In many States, the Militia was legally organized by regiments, battalions, and companies. Like in Florida, where 20 regiments of Militia were organized by county, and often the several companies of each militia regiment just designated Company A, B, etc., and to employ the common infantry tactics. These companies were arranged geographically within the counties, like modern school districts. For those uninterested in mustering with their neighbors, a majority of whom had no particular enthusiasm for the purpose, federal and State laws allowed the formation of independent companies of "volunteer" militia light infantry, riflemen, cavalry or artillery. Generally one company attached to each militia battalion or regiment, and perhaps an artillery or cavalry company per brigade, or division, etc. Such corps were to wear a particular uniform, etc. In order to designate these independent companies of "volunteers" (rather than common militia doing duty purely by legal requirement) they chose their own name, just as they chose their own uniform. With the formation of the Provisional Army of the Confederate States, many such militia companies joined up as is. A large number of such companies formed in their communities specifically for Confederate service, and designated themselves accordingly (also elected their own officers, and made up uniforms, etc.). They were assigned legal company and regimental designations by the Confederate War Department on their muster-in and assignment to battalions and regiments...
Some examples of local companies employing the term "rangers"

"Rifle Rangers" (Co. A, 2nd NC Inf., CSA).
"Ringgold Rangers" (Co. C, 13th GA Inf., CSA).
"Rattlesnake Rangers" (Co. C, 19th BN GA Cav., CSA).

But as mentioned above by 7th Miss. the names were chosen for effect, and bore no particular relation to how the Provisional Army of the Confederate States chose to employ them.

An exception were the "Partisan Ranger" corps accepted into CSA Service under the "Partisan Ranger act" of 1862.

The CSA Partisan Ranger forces were organized into "bands" by law on April 21, 1862. President Davis was authorized to commission officers to organize units of infantry or cavalry (unlike militia or CSA volunteer units who elected their own officers). Where possible they could organize into "companies, battalions, or regiments, either as cavalry or infantry."
When mustered into CSA service the Partisan Rangers were to receive the same pay, rations, quarters, as other soldiers (not clothing or clothing commutation money evidently), and were subject to the CS Army regulations. However, it appears the presumption was most such would not be supplied regularly, as Confederate government urged the organization of "partisan ranger" units to operate behind or near enemy lines.
The CS Army offered them money for captured federal weapons and equipment supplied to the CS Army Ordnance Dept.

Most of the famous "Partisan ranger" corps of the CSA were mounted. There were infantry bands and units (I think the bands were smaller corps, not so strong as a legally organized company). Off hand, in 1862 in Florida Col. Theodore Brevard commanded the 1st Battalion of Florida Partisan Rangers (infantry) in East Florida. I believe many of Bedford Forrest's cavalry units were formed initially as Partisan rangers.

On June 1863 Richmond, tired of reports of the "irregularities" of partisan ranger units, ordered the Department commanders to organize all such partisan rangers into battalions and regiments, and bring them under the regulations and operations of the army. Partisan corps serving behind enemy lines were exempt from this order. [AIGO, CSA, GO 82, June 12, 1863.]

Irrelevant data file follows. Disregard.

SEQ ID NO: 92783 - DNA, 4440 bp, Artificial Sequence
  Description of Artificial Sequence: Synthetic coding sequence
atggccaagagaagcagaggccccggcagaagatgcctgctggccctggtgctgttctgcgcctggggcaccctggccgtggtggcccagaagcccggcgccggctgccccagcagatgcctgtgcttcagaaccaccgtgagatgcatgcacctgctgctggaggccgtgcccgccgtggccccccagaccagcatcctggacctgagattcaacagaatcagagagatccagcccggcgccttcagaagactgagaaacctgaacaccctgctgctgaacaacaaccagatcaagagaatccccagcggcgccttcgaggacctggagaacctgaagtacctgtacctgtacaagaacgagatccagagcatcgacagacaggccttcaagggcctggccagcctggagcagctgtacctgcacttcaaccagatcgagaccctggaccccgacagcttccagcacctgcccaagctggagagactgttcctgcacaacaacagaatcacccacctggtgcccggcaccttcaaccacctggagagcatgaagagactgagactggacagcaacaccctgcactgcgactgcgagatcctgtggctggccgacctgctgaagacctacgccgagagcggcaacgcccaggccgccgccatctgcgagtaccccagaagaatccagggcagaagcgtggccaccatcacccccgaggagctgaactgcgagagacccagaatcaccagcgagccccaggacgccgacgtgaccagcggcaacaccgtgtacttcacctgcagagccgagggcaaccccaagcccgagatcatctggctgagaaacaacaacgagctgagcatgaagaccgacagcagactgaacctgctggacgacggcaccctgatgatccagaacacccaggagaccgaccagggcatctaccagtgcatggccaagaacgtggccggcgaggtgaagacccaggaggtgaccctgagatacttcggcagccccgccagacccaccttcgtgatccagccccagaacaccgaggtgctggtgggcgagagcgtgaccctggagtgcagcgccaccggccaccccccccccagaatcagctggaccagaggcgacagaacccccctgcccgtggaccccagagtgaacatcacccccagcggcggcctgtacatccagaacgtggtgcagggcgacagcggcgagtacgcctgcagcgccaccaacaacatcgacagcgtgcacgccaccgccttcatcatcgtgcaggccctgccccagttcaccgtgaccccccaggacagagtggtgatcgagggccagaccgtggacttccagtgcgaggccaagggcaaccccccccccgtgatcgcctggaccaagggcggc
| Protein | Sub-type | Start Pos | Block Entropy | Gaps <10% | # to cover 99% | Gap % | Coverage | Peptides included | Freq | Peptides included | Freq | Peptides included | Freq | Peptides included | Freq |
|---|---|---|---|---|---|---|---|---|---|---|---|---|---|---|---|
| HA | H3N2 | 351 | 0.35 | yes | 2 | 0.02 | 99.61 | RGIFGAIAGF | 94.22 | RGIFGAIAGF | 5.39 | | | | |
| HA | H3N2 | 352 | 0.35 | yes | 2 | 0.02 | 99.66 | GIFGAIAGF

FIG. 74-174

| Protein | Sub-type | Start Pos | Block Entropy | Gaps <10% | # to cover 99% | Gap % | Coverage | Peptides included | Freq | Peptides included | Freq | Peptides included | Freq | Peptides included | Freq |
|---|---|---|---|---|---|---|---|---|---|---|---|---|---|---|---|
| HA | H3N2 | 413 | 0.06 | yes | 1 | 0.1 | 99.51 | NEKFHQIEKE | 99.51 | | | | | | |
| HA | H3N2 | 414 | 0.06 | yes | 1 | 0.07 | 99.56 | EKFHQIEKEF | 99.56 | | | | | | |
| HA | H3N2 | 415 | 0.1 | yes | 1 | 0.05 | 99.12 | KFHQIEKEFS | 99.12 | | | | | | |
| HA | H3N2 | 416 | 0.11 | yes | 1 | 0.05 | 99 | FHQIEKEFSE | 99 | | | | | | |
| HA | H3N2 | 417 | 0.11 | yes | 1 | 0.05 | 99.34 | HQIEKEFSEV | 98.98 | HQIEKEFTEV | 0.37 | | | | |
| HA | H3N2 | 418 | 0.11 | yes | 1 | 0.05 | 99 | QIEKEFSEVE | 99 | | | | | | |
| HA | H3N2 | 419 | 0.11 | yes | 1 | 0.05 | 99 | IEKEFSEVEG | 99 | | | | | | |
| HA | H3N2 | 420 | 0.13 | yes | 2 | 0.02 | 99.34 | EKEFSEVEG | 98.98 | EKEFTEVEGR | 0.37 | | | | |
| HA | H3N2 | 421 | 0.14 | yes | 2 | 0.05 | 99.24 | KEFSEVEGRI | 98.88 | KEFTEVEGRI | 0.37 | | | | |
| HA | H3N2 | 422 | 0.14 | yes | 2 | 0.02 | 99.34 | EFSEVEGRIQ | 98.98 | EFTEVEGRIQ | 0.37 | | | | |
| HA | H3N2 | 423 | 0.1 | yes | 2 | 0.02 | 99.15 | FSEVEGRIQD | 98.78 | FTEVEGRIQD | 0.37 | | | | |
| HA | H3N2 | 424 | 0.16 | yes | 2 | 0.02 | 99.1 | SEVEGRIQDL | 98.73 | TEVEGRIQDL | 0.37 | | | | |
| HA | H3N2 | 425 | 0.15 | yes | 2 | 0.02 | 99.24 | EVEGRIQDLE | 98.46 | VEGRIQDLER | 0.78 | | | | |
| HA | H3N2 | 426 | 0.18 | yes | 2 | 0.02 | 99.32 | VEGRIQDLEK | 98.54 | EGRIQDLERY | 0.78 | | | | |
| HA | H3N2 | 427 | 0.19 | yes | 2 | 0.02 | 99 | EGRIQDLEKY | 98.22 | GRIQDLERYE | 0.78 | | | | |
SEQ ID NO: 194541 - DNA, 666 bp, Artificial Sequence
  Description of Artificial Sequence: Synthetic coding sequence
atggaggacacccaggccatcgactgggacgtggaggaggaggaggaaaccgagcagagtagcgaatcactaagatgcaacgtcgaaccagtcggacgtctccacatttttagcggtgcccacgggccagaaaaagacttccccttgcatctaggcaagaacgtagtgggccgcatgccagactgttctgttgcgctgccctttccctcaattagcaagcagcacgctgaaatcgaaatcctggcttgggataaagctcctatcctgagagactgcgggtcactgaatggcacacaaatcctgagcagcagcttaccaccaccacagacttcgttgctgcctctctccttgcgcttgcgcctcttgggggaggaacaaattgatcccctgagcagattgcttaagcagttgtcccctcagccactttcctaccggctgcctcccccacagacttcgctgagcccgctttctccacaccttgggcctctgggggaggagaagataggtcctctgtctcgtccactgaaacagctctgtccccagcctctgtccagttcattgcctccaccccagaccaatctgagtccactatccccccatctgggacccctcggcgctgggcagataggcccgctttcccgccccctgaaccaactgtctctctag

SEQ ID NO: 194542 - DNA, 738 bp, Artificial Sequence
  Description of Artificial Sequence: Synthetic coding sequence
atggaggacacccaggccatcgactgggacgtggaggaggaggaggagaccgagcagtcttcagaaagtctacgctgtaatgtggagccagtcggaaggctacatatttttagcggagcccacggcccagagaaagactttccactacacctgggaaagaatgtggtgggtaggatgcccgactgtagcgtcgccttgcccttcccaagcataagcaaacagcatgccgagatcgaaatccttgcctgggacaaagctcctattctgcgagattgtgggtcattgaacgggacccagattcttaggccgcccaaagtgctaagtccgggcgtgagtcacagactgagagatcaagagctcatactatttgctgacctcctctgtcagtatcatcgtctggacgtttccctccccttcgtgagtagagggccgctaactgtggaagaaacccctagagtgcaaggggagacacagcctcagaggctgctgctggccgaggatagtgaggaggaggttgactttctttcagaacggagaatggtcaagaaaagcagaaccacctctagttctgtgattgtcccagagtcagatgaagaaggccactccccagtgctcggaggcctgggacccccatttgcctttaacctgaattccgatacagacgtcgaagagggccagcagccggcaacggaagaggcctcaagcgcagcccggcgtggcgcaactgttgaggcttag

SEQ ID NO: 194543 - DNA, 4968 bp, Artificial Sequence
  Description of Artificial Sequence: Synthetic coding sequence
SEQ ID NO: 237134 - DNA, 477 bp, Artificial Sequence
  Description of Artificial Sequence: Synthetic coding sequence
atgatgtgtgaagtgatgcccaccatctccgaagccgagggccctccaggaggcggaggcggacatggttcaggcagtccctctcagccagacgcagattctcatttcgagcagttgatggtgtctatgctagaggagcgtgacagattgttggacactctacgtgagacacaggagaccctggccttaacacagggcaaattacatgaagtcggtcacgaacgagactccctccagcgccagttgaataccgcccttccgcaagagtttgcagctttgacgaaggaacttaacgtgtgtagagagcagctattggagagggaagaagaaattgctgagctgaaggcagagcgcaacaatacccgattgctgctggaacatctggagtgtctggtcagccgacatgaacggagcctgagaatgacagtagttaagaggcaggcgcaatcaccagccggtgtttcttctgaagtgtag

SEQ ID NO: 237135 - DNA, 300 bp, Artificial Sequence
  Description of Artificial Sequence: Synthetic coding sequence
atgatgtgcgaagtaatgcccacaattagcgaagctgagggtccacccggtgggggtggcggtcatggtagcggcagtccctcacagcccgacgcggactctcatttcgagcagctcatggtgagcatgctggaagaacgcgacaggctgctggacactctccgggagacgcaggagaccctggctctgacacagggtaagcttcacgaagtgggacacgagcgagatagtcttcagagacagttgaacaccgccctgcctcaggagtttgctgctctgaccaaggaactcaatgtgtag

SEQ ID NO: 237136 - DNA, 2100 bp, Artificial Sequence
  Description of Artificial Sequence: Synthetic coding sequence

The Confederate government repealed the partisan ranger act entirely in February, 1864 at the behest of General Lee and others. Thereafter partisan ranger units had to reorganize as conventional provisional army units (like Mosby's and McNeills'), or otherwise enroll for active service therewith. Those that continued in their former state were considered essentially outlaw or deserter "bands."

Some good books on CSA "Partisan Rangers" include Jeff Thompson's "Partisan Rangers of the Confederate Army" (in Western Kentucky):
Google Books: Thompson's Partisan Rangers

There is Mosby's famed battalion of Partisan Rangers, later organized as the 43rd BN of VA Cavalry.
Google Books: Mosby's Rangers...

A somewhat popular novel from the late 1830s (set in 1856) was Beverly Tucker's "The Partisan Leader; A Tale of the Future..." a fictional tale of Southern men taking to the woods to combat a Northern invasion. It was reprinted a few times, including a Confederate edition in 1862, and perhaps influenced some Confederate volunteers in their preferred mode of action behind "Yankee" lines.

I have not seen that the US Army included any sort of specific "ranger" unit (designated such by law), but some outfits took the name. A notable federal "ranger" outfit was the Loudon (VA) Rangers; a volunteer cavalry unit organized for scouting in Northern Virginia, etc.
Google Books, Loudon rangers

J. Marshall,
Hernando, FL.
 
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bdtex

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Most of the famous "Partisan ranger" corps of the CSA were mounted. There were infantry bands and units (I think the bands were smaller corps, not so strong as a legally organized company). Off hand, in 1862 in Florida Col. Theodore Brevard commanded the 1st Battalion of Florida Partisan Rangers (infantry) in East Florida. I believe many of Bedford Forrest's cavalry units were formed initially as Partisan rangers.

On June 1863 Richmond, tired of reports of the "irregularities" of partisan ranger units, ordered the Department commanders to organize all such partisan rangers into battalions and regiments, and bring them under the regulations and operations of the army. Partisan corps serving behind enemy lines were exempt from this order. [AIGO, CSA, GO 82, June 12, 1863.]
The Confederate government repealed the partisan ranger act entirely in February, 1864 at the behest of General Lee and others. Thereafter any partisan units had to reorganize as conventional provisional army units (like Mosby's and McNeills'), or otherwise enroll for active service. Those that continued in their former state were considered essentially outlaw or deserter "bands."
Good information sir. During my cemetery visits this year I found a number of Partisan Rangers, mostly from Alabama. Some of the information you posted above was on Muster Records I found while researching those soldiers in fold3.
 
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I would think during the period the idea of rangers wasn't confined to infantry, as noted most Partisan Rangers were mounted, Minnesota raised a mounted ranger unit during Dakota war period of ACW, the United States had experimented with Mounted Rangers in 1830's as well as Texas Rangers were mounted.